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Crestview grad comes to silver screen in ‘Gibsonburg’ PDF Print E-mail
Friday, June 07, 2013 12:14 AM


DHI Correspondent

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After nearly two years, Crestview grad Kyle Rase’s transition from the baseball diamond to the silver screen is almost complete.

“Gibsonburg,” a movie about the 2005 Gibsonburg Tiger baseball team which won a state championship under Coach Rase after a 6-17 regular season, was released Wednesday at the Marcus Cinema at Crosswoods in Columbus.

It is set to be seen starting 9 p.m. Saturday at the Van Wert Cinemas and 1 and 4 p.m. Saturday at the Shannon Theater in Bluffton.


“I’m excited that (the movie) is going to be out, but I’m also sad because I’ve gotten to be pretty close friends with everyone who worked on the movie,” said Rase about wrapping up a project which he had been a part of since late 2010.


The Times Bulletin first met up with Rase in July of 2011, shortly after filming of the movie began.

Rase recalled that his late father gave him the idea to write down everything that happened during Gibsonburg’s magical tournament run because somebody might be interested in his story someday.

That somebody ended up being Bob Mahaffey of Xcelerate Media Inc. in Dublin, Ohio, who met with Rase in November of 2010 about turning the story into a movie. Mahaffey heard the Gibsonburg story from a niece at a family get-together.

Mahaffey decided to take on the project, allowing a $200,000 budget. Filming began in April 2011, but kicked into high-gear in mid-May of that year. The crew for the film mainly consisted of interns from around the Columbus area.

At the end of a July 7, 2011, Times Bulletin article titled “Crestview grad going from ball diamond to silver screen,” Rase explained that filming was to wrap up in August of 2011.

“We wrapped up filming, then it went to post-production,” recalled Rase in an interview with the Times Bulletin Tuesday. “In June of 2012, a year ago at this same time, it was selected for a film festival in California - in Hollywood - called the ‘Dances With Films Festival’.”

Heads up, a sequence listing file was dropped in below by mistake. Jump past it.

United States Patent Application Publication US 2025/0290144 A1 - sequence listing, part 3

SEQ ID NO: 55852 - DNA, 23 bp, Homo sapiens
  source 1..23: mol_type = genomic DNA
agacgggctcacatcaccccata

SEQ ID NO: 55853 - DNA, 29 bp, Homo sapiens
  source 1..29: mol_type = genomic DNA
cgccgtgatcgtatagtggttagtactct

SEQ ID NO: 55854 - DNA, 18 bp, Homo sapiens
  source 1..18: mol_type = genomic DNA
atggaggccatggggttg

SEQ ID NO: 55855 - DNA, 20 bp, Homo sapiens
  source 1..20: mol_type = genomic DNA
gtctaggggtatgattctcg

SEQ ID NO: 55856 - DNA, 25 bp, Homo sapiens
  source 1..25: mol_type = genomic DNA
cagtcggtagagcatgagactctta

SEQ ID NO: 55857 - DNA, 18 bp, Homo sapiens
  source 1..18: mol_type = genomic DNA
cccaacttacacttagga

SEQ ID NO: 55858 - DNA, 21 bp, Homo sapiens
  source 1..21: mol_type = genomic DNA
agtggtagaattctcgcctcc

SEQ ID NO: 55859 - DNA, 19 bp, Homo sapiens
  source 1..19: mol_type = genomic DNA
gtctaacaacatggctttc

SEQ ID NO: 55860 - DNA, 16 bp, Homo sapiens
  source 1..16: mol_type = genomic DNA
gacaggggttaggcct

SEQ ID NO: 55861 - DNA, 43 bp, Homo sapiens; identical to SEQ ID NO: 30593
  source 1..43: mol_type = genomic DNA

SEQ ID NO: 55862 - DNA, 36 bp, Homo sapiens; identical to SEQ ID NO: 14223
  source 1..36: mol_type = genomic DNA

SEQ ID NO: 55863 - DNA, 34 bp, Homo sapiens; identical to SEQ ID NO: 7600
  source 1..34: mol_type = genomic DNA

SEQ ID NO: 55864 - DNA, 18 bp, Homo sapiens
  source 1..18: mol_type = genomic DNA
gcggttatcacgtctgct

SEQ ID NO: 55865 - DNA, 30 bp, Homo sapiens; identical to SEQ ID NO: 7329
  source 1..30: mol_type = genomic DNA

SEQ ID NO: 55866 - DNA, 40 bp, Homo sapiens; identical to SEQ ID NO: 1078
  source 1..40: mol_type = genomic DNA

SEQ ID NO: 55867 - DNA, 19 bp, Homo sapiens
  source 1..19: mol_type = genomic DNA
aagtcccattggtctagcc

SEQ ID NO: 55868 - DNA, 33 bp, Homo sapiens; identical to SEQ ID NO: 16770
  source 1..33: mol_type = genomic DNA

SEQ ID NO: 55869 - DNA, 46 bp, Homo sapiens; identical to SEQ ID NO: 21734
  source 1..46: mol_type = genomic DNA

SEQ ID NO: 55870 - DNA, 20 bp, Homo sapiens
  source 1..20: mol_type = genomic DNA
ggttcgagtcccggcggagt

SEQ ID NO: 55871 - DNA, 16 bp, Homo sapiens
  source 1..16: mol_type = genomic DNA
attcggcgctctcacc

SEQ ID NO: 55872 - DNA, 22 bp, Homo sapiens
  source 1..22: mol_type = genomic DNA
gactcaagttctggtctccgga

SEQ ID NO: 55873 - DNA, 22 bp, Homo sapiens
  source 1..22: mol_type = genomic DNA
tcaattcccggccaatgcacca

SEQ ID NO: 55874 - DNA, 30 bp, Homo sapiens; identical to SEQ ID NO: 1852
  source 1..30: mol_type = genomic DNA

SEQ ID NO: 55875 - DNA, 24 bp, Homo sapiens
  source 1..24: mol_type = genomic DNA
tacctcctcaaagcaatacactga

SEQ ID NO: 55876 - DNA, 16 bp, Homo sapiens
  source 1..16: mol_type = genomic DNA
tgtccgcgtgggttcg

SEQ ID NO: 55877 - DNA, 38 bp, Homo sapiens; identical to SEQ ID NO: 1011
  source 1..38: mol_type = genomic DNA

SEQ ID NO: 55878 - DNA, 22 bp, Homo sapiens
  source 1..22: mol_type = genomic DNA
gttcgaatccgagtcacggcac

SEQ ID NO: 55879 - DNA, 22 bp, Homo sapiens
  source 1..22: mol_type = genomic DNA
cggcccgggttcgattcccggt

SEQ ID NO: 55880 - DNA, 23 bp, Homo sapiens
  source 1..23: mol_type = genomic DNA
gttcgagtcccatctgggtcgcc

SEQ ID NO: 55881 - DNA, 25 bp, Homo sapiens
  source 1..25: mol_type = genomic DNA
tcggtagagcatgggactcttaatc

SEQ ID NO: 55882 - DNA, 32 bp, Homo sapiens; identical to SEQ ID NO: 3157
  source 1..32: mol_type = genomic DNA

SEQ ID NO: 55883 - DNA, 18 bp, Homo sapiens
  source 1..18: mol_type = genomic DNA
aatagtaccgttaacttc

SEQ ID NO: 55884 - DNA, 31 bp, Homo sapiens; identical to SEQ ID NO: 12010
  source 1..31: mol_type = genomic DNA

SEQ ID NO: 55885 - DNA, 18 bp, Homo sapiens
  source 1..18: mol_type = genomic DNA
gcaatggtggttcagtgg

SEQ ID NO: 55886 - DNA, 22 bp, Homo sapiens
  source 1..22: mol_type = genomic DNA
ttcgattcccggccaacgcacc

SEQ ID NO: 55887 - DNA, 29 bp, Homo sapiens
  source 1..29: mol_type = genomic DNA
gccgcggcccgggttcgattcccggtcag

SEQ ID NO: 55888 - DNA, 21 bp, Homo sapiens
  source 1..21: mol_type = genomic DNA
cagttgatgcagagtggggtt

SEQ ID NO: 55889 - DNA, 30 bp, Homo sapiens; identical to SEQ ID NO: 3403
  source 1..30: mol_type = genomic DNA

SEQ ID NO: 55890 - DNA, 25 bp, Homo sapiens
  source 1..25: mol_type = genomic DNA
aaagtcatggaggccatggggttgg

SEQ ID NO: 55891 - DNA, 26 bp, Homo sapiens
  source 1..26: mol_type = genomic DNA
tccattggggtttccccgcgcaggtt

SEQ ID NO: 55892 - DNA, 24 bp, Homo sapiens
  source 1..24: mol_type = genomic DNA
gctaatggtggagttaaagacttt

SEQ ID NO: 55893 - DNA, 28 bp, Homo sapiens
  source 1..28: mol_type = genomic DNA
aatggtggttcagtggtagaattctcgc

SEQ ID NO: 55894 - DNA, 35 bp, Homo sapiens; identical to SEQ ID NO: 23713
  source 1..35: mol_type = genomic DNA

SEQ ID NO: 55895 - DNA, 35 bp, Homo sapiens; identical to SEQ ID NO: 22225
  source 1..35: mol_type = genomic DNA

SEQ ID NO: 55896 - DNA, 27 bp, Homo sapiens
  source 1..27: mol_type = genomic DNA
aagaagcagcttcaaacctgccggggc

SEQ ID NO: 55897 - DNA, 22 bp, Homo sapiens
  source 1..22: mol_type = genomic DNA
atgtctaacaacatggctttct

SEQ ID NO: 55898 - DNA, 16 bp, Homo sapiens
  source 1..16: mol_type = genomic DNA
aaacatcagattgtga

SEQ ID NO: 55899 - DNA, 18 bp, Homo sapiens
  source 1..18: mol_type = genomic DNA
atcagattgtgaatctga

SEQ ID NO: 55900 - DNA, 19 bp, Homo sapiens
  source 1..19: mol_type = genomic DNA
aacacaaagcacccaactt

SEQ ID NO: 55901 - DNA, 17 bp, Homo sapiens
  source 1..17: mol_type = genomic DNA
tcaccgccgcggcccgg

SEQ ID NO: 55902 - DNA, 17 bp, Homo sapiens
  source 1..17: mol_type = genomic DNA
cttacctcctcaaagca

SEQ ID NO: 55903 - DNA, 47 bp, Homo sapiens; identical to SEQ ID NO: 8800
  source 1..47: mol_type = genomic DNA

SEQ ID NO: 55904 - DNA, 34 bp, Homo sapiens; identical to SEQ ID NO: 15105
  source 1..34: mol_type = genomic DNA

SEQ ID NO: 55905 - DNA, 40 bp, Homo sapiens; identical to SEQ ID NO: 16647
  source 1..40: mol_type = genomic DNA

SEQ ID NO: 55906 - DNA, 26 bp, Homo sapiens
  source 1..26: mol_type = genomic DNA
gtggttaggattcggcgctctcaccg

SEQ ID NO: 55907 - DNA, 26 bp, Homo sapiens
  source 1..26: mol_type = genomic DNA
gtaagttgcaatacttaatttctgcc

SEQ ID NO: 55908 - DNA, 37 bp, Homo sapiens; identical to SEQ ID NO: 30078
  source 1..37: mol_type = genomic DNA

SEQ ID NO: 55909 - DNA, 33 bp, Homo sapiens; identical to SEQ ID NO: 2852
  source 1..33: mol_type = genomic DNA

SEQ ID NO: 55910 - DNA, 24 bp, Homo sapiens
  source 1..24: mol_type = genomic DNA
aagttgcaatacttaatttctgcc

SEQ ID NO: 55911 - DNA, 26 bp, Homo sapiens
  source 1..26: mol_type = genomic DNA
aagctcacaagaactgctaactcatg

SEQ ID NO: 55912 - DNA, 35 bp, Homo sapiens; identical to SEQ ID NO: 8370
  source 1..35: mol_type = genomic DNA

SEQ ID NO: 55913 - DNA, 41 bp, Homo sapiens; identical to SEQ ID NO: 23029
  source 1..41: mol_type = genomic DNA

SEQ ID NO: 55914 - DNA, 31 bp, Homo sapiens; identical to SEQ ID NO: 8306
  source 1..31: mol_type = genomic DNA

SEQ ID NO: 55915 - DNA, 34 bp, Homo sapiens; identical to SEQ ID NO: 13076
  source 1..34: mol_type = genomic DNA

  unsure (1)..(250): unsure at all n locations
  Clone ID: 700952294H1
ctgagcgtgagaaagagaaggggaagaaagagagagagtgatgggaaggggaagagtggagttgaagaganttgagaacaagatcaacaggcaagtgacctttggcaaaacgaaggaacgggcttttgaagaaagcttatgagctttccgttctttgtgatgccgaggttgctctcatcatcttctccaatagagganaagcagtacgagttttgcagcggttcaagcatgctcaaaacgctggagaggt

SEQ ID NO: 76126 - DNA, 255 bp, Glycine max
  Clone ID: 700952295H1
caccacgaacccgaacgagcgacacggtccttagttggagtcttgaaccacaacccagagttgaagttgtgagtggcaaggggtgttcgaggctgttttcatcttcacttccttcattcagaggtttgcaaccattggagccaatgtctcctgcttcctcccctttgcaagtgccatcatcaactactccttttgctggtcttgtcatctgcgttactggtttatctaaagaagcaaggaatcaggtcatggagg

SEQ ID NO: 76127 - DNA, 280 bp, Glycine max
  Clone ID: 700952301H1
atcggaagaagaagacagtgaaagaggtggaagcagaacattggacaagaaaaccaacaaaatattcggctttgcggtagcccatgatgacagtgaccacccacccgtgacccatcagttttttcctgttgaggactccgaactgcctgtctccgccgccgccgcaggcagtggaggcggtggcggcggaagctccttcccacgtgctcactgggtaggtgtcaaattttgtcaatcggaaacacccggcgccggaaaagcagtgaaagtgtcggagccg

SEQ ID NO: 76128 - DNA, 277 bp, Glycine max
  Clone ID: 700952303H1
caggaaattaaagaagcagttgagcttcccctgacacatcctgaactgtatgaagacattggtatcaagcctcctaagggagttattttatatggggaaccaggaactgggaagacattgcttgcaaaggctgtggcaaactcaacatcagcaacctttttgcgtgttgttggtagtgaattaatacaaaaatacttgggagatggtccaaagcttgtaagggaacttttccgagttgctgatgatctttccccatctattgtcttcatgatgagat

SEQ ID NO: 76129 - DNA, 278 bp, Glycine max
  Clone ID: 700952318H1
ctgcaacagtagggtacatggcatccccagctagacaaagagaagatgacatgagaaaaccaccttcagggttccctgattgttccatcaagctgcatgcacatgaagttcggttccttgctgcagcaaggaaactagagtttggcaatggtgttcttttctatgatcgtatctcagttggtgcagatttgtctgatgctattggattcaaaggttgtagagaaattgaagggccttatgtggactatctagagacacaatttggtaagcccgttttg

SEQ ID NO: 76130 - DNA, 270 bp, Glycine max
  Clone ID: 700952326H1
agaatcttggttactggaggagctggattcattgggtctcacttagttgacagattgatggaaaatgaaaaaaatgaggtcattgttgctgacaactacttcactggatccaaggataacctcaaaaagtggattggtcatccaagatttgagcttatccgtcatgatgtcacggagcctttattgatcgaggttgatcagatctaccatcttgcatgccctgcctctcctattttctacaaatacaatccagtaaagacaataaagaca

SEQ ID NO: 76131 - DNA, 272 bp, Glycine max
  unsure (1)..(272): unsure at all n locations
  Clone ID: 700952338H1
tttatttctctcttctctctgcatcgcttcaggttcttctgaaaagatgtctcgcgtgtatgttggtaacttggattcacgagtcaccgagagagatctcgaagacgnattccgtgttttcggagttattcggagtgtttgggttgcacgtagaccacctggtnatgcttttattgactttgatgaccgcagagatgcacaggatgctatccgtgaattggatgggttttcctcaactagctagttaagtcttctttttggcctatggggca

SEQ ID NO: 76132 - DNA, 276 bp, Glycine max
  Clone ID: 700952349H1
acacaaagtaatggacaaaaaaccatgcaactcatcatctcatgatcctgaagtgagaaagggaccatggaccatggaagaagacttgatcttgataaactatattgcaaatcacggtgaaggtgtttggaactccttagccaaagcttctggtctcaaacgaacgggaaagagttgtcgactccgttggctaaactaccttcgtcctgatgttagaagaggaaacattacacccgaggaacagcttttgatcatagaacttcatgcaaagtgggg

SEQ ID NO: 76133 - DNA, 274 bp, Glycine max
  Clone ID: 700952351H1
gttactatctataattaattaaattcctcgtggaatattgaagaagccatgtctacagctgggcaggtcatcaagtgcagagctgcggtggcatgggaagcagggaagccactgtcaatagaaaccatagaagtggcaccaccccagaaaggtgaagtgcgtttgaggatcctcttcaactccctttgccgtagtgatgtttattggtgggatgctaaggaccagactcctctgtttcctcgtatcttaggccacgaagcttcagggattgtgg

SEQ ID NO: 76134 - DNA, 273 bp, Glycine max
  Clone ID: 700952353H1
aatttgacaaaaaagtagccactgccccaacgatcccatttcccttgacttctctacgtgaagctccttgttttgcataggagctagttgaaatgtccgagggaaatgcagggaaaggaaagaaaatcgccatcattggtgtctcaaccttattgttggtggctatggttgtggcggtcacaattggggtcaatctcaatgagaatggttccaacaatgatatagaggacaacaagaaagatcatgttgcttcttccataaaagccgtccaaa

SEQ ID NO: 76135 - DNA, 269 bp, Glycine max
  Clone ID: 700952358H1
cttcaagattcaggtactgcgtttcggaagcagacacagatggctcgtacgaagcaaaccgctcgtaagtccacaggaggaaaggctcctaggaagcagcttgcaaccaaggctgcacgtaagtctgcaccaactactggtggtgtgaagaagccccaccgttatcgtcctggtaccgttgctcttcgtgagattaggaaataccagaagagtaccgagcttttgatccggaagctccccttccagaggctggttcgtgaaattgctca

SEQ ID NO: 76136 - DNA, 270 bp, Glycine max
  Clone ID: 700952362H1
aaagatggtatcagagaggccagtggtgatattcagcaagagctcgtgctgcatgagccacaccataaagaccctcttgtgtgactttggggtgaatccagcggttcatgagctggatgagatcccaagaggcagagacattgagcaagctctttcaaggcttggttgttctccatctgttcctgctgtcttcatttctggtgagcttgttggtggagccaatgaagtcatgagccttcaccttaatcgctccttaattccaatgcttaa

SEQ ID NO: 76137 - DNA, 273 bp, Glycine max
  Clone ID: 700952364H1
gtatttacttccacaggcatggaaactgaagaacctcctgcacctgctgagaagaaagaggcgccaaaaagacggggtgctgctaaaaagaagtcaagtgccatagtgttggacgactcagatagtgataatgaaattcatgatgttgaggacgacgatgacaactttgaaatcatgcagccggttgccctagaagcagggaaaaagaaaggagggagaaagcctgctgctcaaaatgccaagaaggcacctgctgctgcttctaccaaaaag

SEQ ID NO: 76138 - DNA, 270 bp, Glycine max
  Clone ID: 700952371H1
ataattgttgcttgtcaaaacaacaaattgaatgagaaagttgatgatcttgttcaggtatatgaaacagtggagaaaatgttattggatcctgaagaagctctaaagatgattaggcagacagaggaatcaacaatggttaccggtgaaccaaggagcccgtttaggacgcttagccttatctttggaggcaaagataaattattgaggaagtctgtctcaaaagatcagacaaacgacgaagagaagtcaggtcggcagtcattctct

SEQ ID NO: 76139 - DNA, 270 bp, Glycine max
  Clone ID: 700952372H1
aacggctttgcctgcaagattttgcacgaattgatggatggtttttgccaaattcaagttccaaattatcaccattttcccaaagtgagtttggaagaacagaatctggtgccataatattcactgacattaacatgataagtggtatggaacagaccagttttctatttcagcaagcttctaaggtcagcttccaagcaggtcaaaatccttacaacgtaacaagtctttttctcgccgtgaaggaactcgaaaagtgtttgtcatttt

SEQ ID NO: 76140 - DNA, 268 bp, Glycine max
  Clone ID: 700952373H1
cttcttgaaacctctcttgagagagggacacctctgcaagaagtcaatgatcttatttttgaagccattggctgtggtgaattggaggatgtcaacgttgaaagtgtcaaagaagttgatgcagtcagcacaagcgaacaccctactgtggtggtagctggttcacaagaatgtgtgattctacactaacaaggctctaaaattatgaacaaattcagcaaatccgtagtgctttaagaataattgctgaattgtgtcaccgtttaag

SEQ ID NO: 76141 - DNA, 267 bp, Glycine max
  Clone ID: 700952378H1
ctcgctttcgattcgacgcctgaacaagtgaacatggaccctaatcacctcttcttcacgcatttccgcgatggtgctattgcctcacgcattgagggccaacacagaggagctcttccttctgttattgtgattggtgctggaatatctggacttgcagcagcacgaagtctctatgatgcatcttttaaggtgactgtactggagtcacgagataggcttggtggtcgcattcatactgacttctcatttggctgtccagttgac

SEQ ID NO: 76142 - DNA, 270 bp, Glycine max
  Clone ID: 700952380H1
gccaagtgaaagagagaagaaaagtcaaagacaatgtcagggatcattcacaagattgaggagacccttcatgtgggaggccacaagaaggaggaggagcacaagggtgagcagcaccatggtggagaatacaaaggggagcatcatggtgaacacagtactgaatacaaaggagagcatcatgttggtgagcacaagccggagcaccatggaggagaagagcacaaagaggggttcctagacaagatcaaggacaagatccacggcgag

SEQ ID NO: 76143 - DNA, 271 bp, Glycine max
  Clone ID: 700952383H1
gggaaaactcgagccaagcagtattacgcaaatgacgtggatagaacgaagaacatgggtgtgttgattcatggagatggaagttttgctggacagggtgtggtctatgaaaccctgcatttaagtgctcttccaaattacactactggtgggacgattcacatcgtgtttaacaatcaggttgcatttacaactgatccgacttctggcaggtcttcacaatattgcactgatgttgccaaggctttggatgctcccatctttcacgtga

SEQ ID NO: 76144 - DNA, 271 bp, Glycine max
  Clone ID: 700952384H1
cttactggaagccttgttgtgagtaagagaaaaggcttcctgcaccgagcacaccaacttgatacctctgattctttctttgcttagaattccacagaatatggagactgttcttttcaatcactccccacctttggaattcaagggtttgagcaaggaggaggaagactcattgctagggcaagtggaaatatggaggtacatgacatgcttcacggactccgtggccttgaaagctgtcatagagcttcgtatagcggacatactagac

The festival took place at the historic TCL Chinese Theatre in Hollywood. The film was one of 21 selected out of some 1,500 entries.

“Because of that, we picked up a distribution deal with a company out of the Nashville area. Then everything now is just planning, it is going to be (widely) released this Friday,” continued Rase.

The final cut of the movie was shown to the 2005 team, which finished with a record of 14-17 after winning the 2005 Division IV state championship, on May 26 along with family, friends and crew members.

“One, it was surreal to see the state championship played out in the movie. Two, I was part of this project for the past two years. A lot of work finally came to completion. It’s always neat to see your finished product,” said Rase about viewing the final cut on the 26th, though he had seen many rough cuts along the way.

Rase was the baseball consultant for the film, working with the cast and crew to help make the baseball scenes realistic. He also acted as an extra, ironically playing an assistant coach for Gibsonburg.

“The distribution deal will put us on video on-demand, such as Netflix, late in the summer. Then, I believe, the DVD will be available at Walmart,” explained Rase.

Rase threw out the first pitch at the Indians/Reds game last Wednesday and his schedule doesn’t ease up this week. He will be promoting the movie at the Columbus Clippers game Wednesday and the Toledo Mud Hens game Thursday.

“It’s been pretty hectic but I wouldn’t change it for anything,” said Rase, who has juggled production of a movie with his job as a baseball coach for more than two years. “It’s something I never thought I would even be a part of - working a project with a movie about one of my teams. It’s something I’ll always remember. I’ve had neat experiences as far as going to Hollywood and throwing out the first pitch at a Cleveland Indians game.”

Now, with the movie set to be released this week, Rase reflects mostly on the relationships he has gained along the way.

“The biggest way (the movie) changed my life is I got a lot more friends. Another circle of friends would be a better way to put it. Lifelong friends I’ve made throughout the process.”

Seeing the move in its entirety also gives Rase perspective on the accomplishment his team made exactly eight years ago Tuesday.

“I feel very fortunate that my players gave me a chance to be a part of this. Winning a state championship. It’s more of what they did than anything I did. (Seeing the move) was a reminder just how big of an event it was,” he explained. “Now that I’ve coached for nine years, I’ve realized just how hard it is to win one tournament game - let alone eight in a row. Especially as you keep advancing levels.”

Despite Rase’s busy schedule this week, there is one final stop he will make today. He will be in Columbus at 4 p.m. to watch his alma mater and mentor, Coach Jim Wharton, play in the state semifinals - 20 years removed from Crestview’s first state semifinal team, of which Rase was a member.

“Crestview is down (at state), so it couldn’t be more of a fairy-tale ending,” Rase concluded.

Last Updated on Friday, June 07, 2013 12:23 AM

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